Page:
Anyway, he was all full of butterflies over his employment situation and turned on this show about 2 women, roommates, who are middle-aged and both living with disabilities. One has MS, and the other, who must act as caregiver, has Down's Syndrome. (Wow, right?) Anyway, they both are on Medicaid or Medicare (DH couldn't remember which) and some sort of their disability coverage was threatening to be discontinued. Apparently they were claiming that they were homebound (probably true, for the most part), but under some law, "homebound" means that you really can't ever leave your home if you want to be considered as such. These women heard about some group that was lobbying for this law to be changed, and decided to go to Washington to join in the lobby. Medicaid (or Medicare or whoever) somehow found out that they left their home, and promptly began an investigation into whether they really needed that coverage. (Wow again.) So then all this then made DH rethink his situation and realize that okay, he has a few contacts with acquaintances in his field who have gotten him interviews and names of recruiters, his boss and coworkers all have good things to say about him, and maybe we could be grateful for what we have and not pull out our hair just yet.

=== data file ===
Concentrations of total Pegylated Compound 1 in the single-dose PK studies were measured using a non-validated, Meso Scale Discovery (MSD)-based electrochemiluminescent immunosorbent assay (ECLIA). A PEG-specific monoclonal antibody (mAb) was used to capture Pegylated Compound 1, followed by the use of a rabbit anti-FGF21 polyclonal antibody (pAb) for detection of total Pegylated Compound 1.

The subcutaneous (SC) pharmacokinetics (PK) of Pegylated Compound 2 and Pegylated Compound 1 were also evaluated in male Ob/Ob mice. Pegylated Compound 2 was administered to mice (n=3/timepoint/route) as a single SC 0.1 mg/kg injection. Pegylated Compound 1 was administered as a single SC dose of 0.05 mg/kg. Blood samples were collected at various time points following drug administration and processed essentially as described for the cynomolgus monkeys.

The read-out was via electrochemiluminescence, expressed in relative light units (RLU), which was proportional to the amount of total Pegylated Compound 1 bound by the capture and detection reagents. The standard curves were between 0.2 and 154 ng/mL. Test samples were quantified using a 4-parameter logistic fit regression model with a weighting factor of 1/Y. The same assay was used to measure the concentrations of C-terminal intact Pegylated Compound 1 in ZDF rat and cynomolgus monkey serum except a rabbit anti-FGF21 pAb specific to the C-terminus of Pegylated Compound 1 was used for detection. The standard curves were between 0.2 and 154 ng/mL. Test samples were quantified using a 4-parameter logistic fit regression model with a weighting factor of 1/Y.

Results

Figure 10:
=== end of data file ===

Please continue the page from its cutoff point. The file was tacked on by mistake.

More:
The whole job question and the accompanying what-ifs (what if we have to move? what if there's nothing out there? what if we do get an offer but it's really low and it's the only one?) aren't resolved yet, so I don't know if a moral is a little premature, but here it is: there's always someone with fatter legs.


thank-you notes

(I got this idea from the first - and probably the last - "Late Show With Jimmy Fallon" I watched. Jimmy was a little wooden, but this idea was pretty good.)

Dear Sink of Dirty Dishes,

Thank you for waiting for me. You always do. No matter how much I try to ignore you. Would that other things in my life waited so patiently.


Dear Flip,

Thank you for practicing the piano when I asked. And thank you for getting through the whole practice session without a single rendition of Star Wars.


Dear 2nd Hunger Games Book,

Thank you for keeping me in suspense. And thank you for being a great escape from stress last week. And while I do appreciate a good cliffhanger, I don't appreciate having to wait a year to find out what happens next or who falls off that cliff. But you were still a good read. Really.